May 30, 2014; Miami, FL, USA; Miami Heat forward LeBron James (left) stands next to Indiana Pacers guard Lance Stephenson (right) during the first half in game six of the Eastern Conference Finals of the 2014 NBA Playoffs at American Airlines Arena. Mandatory Credit: Steve Mitchell-USA TODAY Sports

NBA: Eastern Conference power shifts from Pacers/Heat

Rivalries often help to define different eras in NBA history. The Miami Heat and Indiana Pacers never reached that level of importance, but their regular season and playoff battles over the past three seasons were a large part of the landscape in the Eastern Conference.

The Pacers lost to the Heat in the postseason three consecutive years, twice in the conference finals and once in the quarterfinals.

Indiana was powered by its stable starting five of George Hill, Lance Stephenson (replaced Danny Granger after year one), Paul George, David West and Roy Hibbert, while Miami countered with the “Big Three” featuring LeBron James, Dwyane Wade and Chris Bosh.

West was the only Pacers player apart of that group over the age of 30 and it wasn’t an unrealistic expectation for them to stay together for another two to four seasons. They had played the most minutes of any lineup the last two campaigns finishing with a net rating (offensive rating – defensive rating) just below 10 and slightly over 12.

It did dip during the 21 games of March and April of 2013-2014, whether it was a blip or the group became truly broken we will never find out.

The Pacers weren’t able to agree to terms with soon to be 24-year-old rising star Lance Stephenson as the free agent frenzy of July took place. The four-year pro signed with the Charlotte Bobcats. What Stephenson accomplished at the age of 23 — beating averages of 13 points, four assists and seven rebounds with a true shooting percentage above 55 percent — has only been accomplished 15 other times in NBA history according to (ages 18 to 23). The other players on that list were LeBron James, Oscar Robertson, Kareem Abdul-Jabbar, Magic Johnson, Charley Barkley, Larry Johnson, Chris Webber and Brad Daugherty.

Zach Lowe in a recent article succinctly stated what Indiana was losing with letting Stephenson go:

He stood as Indiana’s only game-to-game jolt of creativity. They ran more with Stephenson on the court. They generated more shots within the restricted area, and though the Pacers shot fewer 3s with Stephenson playing, they nailed those shots at a much higher rate – especially from the corners. Indy shot 45.5 percent on corner 3s with Stephenson on the floor, and just 33.6 percent when he sat, per Corner 3s work only when someone creates them by penetrating the defense and drawing help.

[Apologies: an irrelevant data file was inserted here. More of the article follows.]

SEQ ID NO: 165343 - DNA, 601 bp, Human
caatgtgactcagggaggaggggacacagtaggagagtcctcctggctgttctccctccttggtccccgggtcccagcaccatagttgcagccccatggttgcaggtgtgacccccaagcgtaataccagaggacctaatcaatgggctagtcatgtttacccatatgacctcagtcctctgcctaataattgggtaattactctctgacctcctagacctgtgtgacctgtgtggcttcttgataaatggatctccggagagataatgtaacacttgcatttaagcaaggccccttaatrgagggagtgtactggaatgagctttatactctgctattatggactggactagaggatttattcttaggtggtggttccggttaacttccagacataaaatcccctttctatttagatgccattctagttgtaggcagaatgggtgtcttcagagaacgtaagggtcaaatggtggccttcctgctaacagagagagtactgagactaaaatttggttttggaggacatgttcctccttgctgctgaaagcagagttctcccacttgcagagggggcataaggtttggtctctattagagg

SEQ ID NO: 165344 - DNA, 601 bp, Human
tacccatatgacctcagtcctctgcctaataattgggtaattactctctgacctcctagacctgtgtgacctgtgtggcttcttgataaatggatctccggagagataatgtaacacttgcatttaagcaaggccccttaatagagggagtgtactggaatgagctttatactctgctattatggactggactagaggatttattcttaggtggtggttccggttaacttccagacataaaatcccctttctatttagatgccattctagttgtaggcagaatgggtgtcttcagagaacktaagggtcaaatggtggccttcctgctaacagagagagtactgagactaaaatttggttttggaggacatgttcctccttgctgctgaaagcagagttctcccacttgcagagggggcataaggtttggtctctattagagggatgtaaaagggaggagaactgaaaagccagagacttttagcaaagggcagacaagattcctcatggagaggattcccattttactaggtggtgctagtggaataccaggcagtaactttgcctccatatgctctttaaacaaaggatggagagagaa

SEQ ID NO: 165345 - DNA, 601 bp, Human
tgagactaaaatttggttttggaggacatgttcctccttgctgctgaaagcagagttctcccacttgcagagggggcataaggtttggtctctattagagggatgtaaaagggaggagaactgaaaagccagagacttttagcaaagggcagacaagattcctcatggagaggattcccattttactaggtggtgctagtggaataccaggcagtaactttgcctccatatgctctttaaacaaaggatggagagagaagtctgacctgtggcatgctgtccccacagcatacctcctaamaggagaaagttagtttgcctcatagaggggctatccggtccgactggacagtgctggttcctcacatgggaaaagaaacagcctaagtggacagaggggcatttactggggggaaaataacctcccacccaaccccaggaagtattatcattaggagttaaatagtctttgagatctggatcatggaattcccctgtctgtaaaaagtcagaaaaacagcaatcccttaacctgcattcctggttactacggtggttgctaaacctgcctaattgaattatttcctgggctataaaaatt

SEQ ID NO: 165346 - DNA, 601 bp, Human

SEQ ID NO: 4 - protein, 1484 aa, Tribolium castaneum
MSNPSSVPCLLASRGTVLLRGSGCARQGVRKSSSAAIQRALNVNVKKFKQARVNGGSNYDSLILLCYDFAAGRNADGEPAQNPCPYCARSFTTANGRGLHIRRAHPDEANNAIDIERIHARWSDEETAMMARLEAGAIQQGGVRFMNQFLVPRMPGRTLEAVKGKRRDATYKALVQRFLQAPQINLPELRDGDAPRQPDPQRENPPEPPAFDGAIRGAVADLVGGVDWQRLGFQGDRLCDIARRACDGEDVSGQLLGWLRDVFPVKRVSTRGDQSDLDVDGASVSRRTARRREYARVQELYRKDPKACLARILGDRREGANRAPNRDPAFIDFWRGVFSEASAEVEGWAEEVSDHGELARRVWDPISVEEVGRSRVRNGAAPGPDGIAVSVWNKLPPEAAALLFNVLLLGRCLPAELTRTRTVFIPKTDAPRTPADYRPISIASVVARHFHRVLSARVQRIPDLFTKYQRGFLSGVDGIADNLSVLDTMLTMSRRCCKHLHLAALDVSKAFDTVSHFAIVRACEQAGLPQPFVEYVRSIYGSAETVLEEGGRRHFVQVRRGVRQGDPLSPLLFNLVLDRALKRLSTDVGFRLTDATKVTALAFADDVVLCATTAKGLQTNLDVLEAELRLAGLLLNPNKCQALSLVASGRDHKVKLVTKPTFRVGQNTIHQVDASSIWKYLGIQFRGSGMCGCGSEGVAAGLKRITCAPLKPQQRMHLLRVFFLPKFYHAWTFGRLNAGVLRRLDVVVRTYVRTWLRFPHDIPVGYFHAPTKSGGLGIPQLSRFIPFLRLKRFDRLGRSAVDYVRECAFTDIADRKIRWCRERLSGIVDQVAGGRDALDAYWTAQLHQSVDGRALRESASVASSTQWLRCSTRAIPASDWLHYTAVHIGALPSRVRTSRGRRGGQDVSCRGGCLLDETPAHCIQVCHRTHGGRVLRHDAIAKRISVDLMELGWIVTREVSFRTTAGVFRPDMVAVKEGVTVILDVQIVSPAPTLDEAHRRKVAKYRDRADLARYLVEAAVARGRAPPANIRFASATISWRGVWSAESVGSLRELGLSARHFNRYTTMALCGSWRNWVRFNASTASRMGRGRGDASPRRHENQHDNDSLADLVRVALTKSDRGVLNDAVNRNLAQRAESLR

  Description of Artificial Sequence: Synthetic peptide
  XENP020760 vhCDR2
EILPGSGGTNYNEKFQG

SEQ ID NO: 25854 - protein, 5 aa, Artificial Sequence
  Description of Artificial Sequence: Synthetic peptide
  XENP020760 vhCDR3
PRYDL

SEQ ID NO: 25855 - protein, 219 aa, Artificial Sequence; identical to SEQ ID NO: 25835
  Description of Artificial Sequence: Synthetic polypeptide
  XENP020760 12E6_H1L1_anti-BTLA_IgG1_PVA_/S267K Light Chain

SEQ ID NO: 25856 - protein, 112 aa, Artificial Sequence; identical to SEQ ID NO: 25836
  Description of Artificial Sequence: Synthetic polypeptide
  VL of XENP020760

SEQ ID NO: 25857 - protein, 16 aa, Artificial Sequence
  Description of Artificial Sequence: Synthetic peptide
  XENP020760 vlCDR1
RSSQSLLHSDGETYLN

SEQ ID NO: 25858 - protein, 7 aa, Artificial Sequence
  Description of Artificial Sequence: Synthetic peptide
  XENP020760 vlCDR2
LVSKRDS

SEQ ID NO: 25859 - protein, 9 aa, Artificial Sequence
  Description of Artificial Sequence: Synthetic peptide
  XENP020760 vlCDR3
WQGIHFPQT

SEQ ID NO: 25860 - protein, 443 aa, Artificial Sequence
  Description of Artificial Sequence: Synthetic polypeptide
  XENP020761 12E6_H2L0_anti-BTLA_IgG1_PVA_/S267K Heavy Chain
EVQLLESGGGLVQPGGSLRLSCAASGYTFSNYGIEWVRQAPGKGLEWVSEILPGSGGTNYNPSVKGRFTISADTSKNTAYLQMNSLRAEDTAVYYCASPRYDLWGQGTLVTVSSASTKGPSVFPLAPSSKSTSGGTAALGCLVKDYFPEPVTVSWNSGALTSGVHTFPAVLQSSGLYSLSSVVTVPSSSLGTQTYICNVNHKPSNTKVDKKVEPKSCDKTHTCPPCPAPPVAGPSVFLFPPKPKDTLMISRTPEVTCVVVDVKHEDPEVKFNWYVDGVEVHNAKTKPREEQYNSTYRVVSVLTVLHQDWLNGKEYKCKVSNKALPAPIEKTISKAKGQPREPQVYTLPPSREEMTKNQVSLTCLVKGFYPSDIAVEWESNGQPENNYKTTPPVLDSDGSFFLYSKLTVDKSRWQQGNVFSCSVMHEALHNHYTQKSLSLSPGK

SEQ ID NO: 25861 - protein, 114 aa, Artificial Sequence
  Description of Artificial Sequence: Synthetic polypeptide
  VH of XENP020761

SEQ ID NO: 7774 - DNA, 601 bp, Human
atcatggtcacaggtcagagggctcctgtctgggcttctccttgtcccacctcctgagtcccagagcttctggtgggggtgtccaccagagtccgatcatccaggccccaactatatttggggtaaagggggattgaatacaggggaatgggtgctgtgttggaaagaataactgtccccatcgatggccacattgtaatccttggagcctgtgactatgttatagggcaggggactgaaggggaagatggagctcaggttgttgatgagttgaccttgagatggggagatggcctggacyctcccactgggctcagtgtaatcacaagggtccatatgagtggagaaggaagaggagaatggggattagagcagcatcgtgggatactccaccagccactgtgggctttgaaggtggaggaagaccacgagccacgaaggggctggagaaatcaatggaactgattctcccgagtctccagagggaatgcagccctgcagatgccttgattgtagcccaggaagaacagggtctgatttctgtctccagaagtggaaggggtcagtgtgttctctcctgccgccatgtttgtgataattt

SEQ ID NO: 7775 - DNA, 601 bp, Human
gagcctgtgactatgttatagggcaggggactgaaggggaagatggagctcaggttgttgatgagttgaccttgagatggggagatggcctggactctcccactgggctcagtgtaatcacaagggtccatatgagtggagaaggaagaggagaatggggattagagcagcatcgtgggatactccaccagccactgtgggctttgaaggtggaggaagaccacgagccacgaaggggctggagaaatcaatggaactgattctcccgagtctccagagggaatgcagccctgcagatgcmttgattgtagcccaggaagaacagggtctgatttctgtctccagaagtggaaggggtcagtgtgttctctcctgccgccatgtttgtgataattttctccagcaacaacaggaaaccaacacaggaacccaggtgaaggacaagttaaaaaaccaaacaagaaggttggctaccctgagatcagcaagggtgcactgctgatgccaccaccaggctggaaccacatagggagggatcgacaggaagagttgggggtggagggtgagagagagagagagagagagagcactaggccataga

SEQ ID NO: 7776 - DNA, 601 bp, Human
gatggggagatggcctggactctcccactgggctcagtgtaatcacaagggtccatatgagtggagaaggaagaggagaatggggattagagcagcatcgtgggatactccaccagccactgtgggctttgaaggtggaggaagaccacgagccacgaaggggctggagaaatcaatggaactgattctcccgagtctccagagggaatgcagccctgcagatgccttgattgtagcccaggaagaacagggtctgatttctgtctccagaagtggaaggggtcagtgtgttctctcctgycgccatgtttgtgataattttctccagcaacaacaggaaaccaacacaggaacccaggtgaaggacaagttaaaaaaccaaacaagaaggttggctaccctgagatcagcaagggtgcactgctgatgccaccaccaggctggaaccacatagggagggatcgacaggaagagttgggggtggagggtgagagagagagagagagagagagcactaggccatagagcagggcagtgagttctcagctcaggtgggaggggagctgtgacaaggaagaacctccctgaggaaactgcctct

Stephenson’s worth to the Pacers was shown by his impact when he played with wing man Paul George. In an interesting development over the past two seasons George’s stats were highly dependent on playing with Stephenson, while Lance’s stayed at similar level with or without PG.


From Miami’s perspective it doesn’t take much analyzing to understand there will be a dramatic drop off since they lost the best basketball player in the world – LeBron James.

In his prime, Dwyane Wade proved capable of being the top offensive creator on a high level team, but now he’s 32, and an old 32 at that. Wade played in only 54 of 82 games last season and over the last three years has missed 26% of Miami’s 230 games. This was with a ball dominant James to take pressure off him.

During the past four years the Heat have been able to accomplish a positive net rating with Wade on the court and LeBron off twice, in 2010-11 and 2012-13. There was still a nine and 13 point drop off in those two seasons, but Wade was able to keep Miami afloat while James rested up. The other two years the Heat finished with a slight negative net rating. This was fine when LeBron was on the team because they played at such a high level with him playing the other players just needed to make sure Miami didn’t get dominated.